Several clinical studies have examined the role of platinum agents in the neoadjuvant treatment of TNBC. Byrski and colleagues reported that 9 of 10 patients with stage I to III breast cancer harboring BRCA1 mutations achieved a pCR after neoadjuvant therapy with cisplatin.9 In another small study, Silver and associates reported the results of a single-arm trial of 28 women with stage II or III TNBC treated with neoadjuvant cisplatin 75 mg/m2 every 21 days for 4 cycles followed by surgery. There was a 22% pCR rate (including 2 patients with BRCA1 germline mutations), a 50% partial response rate, and a 14% complete response rate.31 Ryan and colleagues reported a pCR of 15% in a trial of 51 patients with TNBC treated with neoadjuvant cisplatin and bevacizumab.32

Two large randomized trials have added further evidence of the effect of platinum-based agents in TNBC. The GeparSixto trial was a randomized phase 2 trial including patients with TNBC and those with HER2-positive, stage II or III, previously untreated disease.33 A total of 315 patients with TNBC were randomly assigned to receive paclitaxel, liposomal doxorubicin, and bevacizumab, with or without carboplatin. The addition of carboplatin resulted in a higher pCR rate of 53.2%, vs 36.9% without carboplatin. Toxicities were greater in the patients receiving carboplatin than in those not receiving carboplatin, including grade 3 or 4 neutropenia (65% vs 27%), grade 3 or 4 anemia (15% vs <1%), grade 3 or 4 thrombocytopenia (14% vs <1%), and diarrhea (17% vs 11%), resulting in a treatment discontinuation rate of 49% among the patients who received carboplatin.33 CALGB 40603 was a randomized phase 2 trial with a 2 × 2 factorial design that explored the addition of carboplatin, with or without bevacizumab, to neoadjuvant weekly paclitaxel followed by dose-dense doxorubicin and cyclophosphamide in 443 patients with stage II or III TNBC (NCT00861705).34 The pCR rate was higher with the use of carboplatin, 54% vs 41% to 54%; bevacizumab added no benefit. Similarly as in GeparSixto, a large proportion of patients did not complete treatment owing to adverse events.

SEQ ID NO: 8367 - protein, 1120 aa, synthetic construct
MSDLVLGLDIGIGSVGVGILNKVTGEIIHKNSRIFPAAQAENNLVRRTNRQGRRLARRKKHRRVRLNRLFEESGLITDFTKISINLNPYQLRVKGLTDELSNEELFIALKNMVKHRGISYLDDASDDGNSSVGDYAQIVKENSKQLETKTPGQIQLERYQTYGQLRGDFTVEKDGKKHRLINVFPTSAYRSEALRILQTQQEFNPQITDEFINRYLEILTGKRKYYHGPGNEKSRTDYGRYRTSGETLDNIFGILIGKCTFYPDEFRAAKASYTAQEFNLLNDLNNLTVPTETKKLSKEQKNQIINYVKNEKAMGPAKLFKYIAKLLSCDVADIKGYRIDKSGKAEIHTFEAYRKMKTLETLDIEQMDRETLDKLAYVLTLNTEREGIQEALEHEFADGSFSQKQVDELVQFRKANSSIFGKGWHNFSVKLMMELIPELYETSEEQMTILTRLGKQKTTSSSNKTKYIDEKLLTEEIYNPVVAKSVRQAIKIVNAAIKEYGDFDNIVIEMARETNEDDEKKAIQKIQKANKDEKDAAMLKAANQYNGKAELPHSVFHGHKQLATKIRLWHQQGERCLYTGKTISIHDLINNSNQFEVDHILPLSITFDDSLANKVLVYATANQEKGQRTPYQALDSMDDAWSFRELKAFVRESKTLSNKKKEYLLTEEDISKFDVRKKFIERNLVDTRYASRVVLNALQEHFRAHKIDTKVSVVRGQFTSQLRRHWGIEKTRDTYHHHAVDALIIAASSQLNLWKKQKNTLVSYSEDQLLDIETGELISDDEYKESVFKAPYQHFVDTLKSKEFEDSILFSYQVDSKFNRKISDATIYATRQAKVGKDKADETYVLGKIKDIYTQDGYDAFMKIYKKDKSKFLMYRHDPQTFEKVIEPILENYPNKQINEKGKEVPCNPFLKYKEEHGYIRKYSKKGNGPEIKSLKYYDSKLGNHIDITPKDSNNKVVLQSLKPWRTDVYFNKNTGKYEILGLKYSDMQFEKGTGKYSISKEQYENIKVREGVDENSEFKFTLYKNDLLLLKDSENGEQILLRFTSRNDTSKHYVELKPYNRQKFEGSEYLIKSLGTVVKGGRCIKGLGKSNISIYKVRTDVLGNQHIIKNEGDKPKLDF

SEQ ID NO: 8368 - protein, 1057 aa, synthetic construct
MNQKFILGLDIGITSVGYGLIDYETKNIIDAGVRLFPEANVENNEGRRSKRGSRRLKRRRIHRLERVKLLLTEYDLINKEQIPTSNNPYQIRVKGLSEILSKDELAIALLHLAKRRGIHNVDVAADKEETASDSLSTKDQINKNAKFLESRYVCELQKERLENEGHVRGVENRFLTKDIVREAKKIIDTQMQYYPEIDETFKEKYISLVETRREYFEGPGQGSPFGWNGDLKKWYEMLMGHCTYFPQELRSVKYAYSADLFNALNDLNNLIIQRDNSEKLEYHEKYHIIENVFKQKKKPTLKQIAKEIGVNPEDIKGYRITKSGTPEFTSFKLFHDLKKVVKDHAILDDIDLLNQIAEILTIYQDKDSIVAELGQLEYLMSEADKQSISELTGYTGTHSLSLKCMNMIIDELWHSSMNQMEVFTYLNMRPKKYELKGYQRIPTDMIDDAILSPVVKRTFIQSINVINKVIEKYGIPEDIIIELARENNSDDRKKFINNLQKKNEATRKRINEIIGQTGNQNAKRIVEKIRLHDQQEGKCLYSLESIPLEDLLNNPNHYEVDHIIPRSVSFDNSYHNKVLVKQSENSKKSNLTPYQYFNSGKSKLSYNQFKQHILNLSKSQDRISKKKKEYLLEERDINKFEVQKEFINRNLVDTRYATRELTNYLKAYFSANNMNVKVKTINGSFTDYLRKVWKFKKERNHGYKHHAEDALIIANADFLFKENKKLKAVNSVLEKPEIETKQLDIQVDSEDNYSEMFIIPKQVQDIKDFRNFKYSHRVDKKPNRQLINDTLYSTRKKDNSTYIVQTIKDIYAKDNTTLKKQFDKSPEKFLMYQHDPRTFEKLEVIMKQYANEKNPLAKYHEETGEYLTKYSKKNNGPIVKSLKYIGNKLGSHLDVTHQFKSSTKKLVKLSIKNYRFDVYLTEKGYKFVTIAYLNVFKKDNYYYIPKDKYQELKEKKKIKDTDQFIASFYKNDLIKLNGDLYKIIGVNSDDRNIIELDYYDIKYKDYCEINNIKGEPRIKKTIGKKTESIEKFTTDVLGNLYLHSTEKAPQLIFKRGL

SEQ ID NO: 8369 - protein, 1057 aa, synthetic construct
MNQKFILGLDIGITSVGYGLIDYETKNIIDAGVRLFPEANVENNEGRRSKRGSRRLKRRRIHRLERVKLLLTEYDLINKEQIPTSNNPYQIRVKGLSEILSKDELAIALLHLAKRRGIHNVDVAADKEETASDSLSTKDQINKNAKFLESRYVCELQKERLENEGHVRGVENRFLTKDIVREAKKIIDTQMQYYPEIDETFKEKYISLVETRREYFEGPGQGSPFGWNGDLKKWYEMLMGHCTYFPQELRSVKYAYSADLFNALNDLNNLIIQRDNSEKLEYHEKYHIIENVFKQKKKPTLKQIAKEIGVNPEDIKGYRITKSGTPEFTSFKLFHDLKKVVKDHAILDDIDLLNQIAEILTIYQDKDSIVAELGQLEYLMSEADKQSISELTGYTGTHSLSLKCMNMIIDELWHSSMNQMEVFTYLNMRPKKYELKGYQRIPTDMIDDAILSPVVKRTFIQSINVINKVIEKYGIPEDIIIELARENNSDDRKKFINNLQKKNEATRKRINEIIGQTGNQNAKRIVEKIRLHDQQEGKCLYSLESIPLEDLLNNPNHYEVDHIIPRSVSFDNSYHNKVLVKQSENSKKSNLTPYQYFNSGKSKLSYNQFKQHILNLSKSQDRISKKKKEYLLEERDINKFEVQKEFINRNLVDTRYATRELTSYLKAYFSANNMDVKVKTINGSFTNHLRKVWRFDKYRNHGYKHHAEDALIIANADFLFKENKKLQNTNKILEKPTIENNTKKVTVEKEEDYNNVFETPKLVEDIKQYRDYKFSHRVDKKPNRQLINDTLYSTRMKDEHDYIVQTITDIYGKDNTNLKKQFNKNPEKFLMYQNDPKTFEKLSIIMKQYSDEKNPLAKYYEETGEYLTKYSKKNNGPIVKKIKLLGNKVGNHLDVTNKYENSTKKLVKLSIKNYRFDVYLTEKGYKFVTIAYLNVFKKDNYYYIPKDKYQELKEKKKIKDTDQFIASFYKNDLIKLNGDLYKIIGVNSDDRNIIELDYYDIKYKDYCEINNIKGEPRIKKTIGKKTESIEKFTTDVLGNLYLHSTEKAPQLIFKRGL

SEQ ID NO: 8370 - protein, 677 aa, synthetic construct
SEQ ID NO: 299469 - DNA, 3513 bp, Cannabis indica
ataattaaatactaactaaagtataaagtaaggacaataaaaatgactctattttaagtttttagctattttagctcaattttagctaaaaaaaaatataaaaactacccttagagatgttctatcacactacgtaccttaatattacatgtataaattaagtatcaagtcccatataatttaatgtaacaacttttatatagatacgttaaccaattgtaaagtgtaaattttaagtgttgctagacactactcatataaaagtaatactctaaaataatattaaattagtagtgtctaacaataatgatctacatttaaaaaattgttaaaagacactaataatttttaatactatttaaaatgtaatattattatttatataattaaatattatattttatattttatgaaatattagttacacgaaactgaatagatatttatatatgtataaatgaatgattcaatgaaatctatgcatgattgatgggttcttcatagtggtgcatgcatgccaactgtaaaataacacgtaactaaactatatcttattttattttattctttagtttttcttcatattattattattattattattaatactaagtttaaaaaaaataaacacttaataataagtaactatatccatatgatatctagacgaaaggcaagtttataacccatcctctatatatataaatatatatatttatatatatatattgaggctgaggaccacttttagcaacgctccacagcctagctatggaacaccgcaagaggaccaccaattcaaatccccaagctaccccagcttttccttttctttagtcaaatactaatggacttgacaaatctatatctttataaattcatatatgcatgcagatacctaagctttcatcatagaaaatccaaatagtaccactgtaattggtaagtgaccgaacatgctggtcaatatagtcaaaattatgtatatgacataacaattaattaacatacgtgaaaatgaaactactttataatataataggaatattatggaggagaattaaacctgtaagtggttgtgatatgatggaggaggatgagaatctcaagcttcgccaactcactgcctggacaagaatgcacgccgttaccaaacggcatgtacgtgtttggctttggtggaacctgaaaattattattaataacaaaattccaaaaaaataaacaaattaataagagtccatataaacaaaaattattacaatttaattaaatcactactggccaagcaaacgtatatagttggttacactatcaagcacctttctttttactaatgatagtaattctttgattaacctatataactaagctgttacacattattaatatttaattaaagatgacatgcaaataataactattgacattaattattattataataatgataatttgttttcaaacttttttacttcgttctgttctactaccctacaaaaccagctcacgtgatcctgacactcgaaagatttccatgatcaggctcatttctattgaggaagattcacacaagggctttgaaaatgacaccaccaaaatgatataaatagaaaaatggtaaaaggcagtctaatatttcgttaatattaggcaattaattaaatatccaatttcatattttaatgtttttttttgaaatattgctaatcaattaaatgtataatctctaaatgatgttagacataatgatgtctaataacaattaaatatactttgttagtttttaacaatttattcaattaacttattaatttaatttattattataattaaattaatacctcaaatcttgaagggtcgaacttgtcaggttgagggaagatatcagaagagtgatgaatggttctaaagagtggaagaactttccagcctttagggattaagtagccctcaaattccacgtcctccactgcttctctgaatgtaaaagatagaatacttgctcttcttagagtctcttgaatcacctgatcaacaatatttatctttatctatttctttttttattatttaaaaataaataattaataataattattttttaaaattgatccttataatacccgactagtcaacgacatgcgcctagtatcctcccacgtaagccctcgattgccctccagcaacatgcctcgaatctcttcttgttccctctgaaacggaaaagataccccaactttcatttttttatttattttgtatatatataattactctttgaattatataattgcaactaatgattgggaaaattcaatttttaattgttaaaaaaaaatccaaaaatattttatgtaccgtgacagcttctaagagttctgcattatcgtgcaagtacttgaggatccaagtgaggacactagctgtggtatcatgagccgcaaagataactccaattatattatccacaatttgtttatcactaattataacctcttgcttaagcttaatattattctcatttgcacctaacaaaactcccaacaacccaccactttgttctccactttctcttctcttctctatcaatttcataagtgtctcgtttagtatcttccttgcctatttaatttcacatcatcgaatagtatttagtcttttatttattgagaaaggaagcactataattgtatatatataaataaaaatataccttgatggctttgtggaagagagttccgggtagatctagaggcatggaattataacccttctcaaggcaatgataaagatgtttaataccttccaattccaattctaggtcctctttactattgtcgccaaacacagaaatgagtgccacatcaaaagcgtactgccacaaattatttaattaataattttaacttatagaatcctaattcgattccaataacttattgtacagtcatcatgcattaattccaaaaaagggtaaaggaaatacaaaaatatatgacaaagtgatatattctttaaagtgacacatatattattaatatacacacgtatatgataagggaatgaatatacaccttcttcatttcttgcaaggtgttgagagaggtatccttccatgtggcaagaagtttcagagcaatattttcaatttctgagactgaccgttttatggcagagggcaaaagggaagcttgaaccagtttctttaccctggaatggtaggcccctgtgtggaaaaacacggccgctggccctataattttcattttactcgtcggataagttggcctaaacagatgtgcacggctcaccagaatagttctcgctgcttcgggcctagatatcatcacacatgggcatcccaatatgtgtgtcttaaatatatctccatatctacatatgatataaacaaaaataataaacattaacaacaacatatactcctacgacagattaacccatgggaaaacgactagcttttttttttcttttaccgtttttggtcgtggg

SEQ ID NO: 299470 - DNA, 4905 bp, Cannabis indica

The Post-Neoadjuvant Setting

Patients with TNBC who have a high residual disease burden after completing neoadjuvant therapy, indicating a drug-resistant tumor, have a very high risk of early recurrence. The appropriate treatment for those patients is unknown, and personalized treatment strategies using adjuvant therapies that molecularly target tumor-specific dependencies are sorely needed. The intertumor heterogeneity of TNBCs before and after neoadjuvant chemotherapy underscores the need for powerful and broad molecular approaches to identify actionable molecular alterations and, in turn, better inform personalized therapy of this aggressive disease. Incorporation of these approaches into clinical studies—and eventually, standards of care—will aid in the prioritization of patients with residual disease after neoadjuvant chemotherapy into rational adjuvant studies. The post-neoadjuvant treatment population could be a valuable source for clinical trials initiated to align patients with treatments best suited to target their cancer subtypes.

Dwadasi and colleagues recently reported a randomized phase 2 trial of cisplatin with or without rucaparib, a PARP inhibitor, for patients with TNBC or BRCA mutations who had residual tumor burden in the breast (>2 cm) or axilla after being treated with an anthracycline or taxane neoadjuvant chemotherapy.35 Overall, 73% of the 128 patients enrolled were able to complete treatment. With a median follow-up of 9 months, 1-year DFS was similar (approximately 76%) in both treatment groups, and rucaparib did not add substantial toxicity to the cisplatin treatment. The 1-year DFS in the 22 patients with BRCA1 or BRCA2 mutations was approximately 85%, compared with 79% in patients without mutations.


The addition of platinum agents (cisplatin or carboplatin) to neoadjuvant treatment of TNBC is clearly associated with significantly higher rates of pCR, suggesting that TNBC could be a potential therapeutic target for these drugs. However, the utility of platinum agents in addition to standard adjuvant or neoadjuvant chemotherapy remains controversial.